Healthcare Industry News: neuromodulation
News Release - May 9, 2007
St. Jude Medical Announces FDA Approval of the OptiSense(TM) Pacing LeadNew lead allows for more sensitive sensing of signals from the upper chamber of the heart
ST. PAUL, Minn.--(HSMN NewsFeed)--St. Jude Medical, Inc. (NYSE:STJ ) today announced U.S. Food and Drug Administration (FDA) approval of its new OptiSense(TM) lead, a first-of-its-kind "smart" pacing lead designed to offer more accurate sensing in the upper chamber of the heart (right atrium). The lead incorporates a new tip design that reduces extraneous signals from the heart's lower chambers (ventricles) that can interfere with a pacemaker's sensing mechanism and disrupt optimal therapy.
The OptiSense lead's improved sensing of desired electrical signals in the atria allows physicians more flexibility in programming atrial sensitivity settings while avoiding sensing signals from the ventricles. This allows for more accurate detection of impulses from the patient's atrium. In the past, physicians sometimes had to program a pacemaker to be less sensitive to avoid the detection of interfering signals. However, while decreasing the sensitivity settings helps to reduce the interfering signals, it can also reduce the sensing of important signals, like the small signals that can occur during atrial arrhythmias.
More sensitive atrial sensitivity settings are, therefore, especially important in patients with atrial tachyarrythmias (an abnormally fast heart rate), such as atrial fibrillation.
By reducing the detection of unwanted signals, the OptiSense lead may also provide physicians greater freedom in lead placement options. Now, leads may be able to be placed in areas, such as the lower inner atrium, that may be optimal for pacing, but that may have previously been ruled out because of interfering signals from the heart's lower chambers.
A lead is an insulated wire that is placed through the vein as part of a pacemaker implantation procedure. Its tip is attached to the heart tissue, while its other end connects to the pacemaker. A lead carries electrical impulses from the implanted device to the heart and transmits information from the heart back to the implanted device.
The improved sensing performance of the OptiSense lead is a result of an innovative 1.1 mm tip-to-ring spacing, which reduces oversensing of far-field R-wave signals (an electrical signal originating in the lower chamber of the heart and sensed by the lead in the upper chamber of the heart). The conclusions reached by the OptiSense Lead Clinical Study (the results of which will be presented on May 9 at 5:45 p.m. Mountain time during the Featured Poster Session at the Heart Rhythm 2007 meeting) include the following:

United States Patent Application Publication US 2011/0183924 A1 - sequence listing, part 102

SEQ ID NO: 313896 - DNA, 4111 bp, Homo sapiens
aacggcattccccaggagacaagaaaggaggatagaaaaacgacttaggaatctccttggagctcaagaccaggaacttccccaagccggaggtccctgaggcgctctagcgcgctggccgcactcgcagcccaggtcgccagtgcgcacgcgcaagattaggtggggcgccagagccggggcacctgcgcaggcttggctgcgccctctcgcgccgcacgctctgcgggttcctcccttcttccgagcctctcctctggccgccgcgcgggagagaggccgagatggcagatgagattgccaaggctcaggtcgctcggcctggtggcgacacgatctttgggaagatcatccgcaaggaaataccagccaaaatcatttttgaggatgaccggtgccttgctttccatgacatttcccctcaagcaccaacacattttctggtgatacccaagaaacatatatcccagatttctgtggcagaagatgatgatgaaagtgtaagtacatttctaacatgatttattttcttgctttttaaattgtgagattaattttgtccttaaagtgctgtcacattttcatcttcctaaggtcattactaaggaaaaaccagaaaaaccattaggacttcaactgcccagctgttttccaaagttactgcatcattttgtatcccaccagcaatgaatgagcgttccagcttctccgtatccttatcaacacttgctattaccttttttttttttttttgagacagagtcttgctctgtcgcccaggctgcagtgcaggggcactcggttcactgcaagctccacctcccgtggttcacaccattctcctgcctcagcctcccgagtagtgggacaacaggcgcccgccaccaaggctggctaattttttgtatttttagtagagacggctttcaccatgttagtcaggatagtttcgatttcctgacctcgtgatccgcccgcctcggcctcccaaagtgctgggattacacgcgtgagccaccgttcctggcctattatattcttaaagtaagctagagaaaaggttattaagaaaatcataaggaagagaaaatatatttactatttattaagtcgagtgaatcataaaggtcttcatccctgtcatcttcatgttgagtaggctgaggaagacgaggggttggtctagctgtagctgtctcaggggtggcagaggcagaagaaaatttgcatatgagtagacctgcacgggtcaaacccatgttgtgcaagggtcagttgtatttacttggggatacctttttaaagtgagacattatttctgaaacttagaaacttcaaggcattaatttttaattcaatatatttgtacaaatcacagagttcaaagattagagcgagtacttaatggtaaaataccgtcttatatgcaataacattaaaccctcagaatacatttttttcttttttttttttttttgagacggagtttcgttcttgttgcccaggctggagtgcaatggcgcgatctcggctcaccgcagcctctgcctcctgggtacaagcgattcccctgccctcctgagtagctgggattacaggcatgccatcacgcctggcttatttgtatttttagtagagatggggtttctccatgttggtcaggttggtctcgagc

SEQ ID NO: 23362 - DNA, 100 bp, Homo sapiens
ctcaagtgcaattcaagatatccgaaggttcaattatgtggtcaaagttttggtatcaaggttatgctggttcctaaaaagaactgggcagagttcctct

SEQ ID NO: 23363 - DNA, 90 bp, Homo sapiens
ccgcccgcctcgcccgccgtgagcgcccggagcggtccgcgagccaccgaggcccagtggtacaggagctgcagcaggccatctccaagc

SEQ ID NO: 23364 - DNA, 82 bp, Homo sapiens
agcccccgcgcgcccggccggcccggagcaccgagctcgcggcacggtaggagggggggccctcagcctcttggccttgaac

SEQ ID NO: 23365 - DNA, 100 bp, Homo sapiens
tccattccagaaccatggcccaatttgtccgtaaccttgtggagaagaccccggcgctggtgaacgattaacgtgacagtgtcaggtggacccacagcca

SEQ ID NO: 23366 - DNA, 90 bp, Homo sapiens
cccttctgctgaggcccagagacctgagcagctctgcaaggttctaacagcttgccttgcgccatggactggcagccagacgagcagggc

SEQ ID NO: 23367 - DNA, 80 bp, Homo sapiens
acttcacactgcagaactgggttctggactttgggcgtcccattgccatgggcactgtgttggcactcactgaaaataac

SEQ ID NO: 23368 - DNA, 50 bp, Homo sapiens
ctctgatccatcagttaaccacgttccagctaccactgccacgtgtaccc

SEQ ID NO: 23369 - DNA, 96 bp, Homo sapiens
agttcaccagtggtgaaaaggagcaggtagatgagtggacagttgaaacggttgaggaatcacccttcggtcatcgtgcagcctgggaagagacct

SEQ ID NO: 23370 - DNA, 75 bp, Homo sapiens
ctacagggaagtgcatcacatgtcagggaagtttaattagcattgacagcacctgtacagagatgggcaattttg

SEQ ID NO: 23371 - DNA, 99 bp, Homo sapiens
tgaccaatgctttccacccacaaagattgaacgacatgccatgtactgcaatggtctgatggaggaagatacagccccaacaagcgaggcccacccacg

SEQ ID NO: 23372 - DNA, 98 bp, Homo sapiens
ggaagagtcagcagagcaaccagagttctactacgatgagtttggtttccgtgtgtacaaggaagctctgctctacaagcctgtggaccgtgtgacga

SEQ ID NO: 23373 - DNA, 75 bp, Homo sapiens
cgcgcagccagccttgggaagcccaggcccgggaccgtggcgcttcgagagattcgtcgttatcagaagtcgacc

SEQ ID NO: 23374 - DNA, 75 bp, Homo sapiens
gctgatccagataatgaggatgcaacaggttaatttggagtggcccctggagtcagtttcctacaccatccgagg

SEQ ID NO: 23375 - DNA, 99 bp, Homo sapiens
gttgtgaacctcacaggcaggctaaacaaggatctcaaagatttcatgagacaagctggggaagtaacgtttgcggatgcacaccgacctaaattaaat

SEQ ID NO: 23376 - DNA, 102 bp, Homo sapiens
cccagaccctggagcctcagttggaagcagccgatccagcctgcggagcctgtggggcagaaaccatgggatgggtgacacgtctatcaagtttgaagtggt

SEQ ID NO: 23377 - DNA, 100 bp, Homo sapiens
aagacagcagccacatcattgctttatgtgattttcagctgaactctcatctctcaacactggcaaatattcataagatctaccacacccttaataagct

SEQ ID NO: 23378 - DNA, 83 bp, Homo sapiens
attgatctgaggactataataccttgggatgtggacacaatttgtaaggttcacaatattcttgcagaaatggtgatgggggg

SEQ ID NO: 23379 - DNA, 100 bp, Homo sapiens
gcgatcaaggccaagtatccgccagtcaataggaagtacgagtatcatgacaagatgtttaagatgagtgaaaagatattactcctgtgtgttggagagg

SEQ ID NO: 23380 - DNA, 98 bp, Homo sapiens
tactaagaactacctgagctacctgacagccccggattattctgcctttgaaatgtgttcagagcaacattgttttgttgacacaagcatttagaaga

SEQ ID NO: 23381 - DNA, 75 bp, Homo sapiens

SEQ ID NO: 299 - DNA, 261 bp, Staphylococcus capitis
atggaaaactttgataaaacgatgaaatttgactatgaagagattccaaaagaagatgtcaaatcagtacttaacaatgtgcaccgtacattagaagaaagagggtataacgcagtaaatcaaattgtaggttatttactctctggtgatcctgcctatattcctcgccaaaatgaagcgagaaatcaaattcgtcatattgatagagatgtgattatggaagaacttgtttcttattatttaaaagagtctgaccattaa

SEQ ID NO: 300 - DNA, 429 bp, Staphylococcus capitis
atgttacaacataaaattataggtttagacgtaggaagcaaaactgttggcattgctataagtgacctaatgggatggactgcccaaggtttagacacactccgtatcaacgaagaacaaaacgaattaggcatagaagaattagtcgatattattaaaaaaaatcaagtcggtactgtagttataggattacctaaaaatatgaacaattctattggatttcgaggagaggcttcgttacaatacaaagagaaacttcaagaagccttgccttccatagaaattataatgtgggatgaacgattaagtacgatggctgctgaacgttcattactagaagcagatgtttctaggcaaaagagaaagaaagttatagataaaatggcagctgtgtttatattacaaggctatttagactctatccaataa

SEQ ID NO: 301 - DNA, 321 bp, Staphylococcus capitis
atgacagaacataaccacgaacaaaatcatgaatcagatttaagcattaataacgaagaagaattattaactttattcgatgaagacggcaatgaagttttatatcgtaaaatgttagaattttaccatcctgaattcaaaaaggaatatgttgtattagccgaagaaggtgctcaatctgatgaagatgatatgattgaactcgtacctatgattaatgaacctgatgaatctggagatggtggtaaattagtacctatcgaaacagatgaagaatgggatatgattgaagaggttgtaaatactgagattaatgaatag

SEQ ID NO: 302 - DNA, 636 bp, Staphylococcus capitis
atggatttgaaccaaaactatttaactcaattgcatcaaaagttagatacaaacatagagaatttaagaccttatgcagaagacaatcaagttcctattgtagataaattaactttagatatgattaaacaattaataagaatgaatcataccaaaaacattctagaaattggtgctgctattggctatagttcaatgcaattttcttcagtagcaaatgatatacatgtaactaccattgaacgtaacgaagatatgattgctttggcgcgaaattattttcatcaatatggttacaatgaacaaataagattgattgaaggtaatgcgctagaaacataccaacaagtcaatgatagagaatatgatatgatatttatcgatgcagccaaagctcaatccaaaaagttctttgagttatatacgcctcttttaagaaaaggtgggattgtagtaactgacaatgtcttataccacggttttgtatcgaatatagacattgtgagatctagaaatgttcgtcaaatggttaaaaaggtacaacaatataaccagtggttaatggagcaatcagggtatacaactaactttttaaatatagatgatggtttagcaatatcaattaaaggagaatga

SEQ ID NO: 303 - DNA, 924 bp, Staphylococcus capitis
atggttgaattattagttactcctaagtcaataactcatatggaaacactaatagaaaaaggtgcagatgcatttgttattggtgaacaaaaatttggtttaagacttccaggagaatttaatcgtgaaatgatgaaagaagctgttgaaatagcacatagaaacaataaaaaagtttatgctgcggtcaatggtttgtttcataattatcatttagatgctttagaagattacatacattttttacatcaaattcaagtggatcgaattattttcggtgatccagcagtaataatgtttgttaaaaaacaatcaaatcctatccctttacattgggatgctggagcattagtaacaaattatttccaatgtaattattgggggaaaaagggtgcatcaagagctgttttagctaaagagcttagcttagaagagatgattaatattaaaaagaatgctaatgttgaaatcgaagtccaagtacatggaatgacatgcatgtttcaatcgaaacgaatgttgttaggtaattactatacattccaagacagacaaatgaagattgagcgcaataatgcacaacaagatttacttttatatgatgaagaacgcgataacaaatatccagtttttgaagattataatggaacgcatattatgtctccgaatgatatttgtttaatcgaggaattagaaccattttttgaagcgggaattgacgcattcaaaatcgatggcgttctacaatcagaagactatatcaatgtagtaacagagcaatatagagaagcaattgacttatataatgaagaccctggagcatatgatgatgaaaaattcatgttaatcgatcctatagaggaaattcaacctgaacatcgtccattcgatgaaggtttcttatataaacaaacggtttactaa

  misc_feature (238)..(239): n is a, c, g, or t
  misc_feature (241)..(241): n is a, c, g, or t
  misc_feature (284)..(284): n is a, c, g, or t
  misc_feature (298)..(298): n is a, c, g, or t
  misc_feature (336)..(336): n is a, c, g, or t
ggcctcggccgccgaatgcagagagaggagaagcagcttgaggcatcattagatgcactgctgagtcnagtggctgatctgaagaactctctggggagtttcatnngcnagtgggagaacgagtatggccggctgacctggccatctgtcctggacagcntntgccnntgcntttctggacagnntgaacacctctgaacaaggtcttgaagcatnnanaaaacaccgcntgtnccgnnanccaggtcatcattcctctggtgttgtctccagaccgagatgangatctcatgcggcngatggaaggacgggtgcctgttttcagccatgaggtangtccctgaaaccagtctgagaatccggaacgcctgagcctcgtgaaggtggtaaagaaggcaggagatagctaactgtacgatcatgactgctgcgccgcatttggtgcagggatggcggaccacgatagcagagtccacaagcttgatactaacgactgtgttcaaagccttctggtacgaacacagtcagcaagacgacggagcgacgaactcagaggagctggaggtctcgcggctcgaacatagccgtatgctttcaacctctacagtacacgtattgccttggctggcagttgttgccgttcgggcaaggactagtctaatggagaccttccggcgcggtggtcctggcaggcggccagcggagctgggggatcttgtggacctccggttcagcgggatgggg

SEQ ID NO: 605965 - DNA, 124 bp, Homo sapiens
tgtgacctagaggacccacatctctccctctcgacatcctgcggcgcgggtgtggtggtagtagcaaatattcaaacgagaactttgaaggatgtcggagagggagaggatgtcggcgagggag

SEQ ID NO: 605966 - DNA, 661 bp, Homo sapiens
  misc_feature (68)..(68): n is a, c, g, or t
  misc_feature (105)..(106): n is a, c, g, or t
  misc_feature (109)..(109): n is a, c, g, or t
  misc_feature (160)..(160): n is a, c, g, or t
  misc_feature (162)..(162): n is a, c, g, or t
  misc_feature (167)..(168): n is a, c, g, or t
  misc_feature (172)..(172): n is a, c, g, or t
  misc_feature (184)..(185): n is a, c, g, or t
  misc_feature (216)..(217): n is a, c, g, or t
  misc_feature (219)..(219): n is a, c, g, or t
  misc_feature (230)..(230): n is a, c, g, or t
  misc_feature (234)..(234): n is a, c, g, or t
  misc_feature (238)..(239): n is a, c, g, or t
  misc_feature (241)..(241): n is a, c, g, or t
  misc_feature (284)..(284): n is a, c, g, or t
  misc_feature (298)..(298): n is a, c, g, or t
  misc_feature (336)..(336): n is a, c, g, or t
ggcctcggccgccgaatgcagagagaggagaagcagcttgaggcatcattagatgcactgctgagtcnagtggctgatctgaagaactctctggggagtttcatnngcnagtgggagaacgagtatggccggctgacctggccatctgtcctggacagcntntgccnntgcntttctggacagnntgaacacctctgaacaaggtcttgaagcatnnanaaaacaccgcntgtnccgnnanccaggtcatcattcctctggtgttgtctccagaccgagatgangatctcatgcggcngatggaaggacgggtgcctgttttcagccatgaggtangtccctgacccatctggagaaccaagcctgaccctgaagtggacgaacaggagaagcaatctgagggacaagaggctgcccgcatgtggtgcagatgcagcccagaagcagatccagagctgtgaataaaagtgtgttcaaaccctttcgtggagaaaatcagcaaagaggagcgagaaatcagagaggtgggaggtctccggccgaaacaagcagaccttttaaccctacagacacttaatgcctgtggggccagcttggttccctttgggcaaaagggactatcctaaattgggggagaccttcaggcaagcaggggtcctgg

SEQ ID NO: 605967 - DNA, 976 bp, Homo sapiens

- The OptiSense lead had no evidence of paced far-field signals in 90.9 percent of patients compared to 40.9 percent of the control patients (p less than 0.0001).
- The OptiSense lead group exhibited a highly statistically significant reduction (p = 0.03) in the percentage of patients with inappropriate mode switching (6.9 percent of OptiSense patients versus 25.7 percent of control group patients) as well as a highly statistically significant reduction (p = 0.009) in the percentage of episodes of inappropriate mode switching (3 percent versus 49 percent). Inappropriate mode switching is not desirable because, if it occurs, it can cause a loss of synchrony between the upper and lower chambers of the heart.
Heart Rhythm 2007 is the most comprehensive educational program for heart rhythm professionals, featuring over 200 educational sections and more than 130 innovative products and services. This year, the meeting will open with the AFib Summit, a two-day intensive summit on atrial fibrillation featuring world-renowned experts. The Heart Rhythm Society's Annual Scientific Sessions have become the must-attend event of the year, allowing the exchange of new vital ideas and information among colleagues from every corner of the globe.
About St. Jude Medical
St. Jude Medical is dedicated to making life better for cardiac, neurological and chronic pain patients worldwide through excellence in medical device technology and services. The Company has five major focus areas that include: cardiac rhythm management, atrial fibrillation, cardiac surgery, cardiology and neuromodulation. Headquartered in St. Paul, Minn., St. Jude Medical employs more than 11,000 people worldwide. For more information, please visit www.sjm.com.
This news release contains forward-looking statements within the meaning of the Private Securities Litigation Reform Act of 1995 that involve risks and uncertainties. Such forward-looking statements include the expectations, plans and prospects for the Company, including potential clinical successes, anticipated regulatory approvals and future product launches, and projected revenues, margins, earnings, and market shares. The statements made by the Company are based upon management's current expectations and are subject to certain risks and uncertainties that could cause actual results to differ materially from those described in the forward-looking statements. These risks and uncertainties include market conditions and other factors beyond the Company's control and the risk factors and other cautionary statements described in the Company's filings with the SEC, including those described in the Company's Annual Report on Form 10-K filed on February 28, 2007 (see Item 1A on pages 13-20, and page 20 of Exhibit 13 to the Company's Form 10-K). The Company does not intend to update these statements and undertakes no duty to any person to provide any such update under any circumstance.
Source: St. Jude Medical
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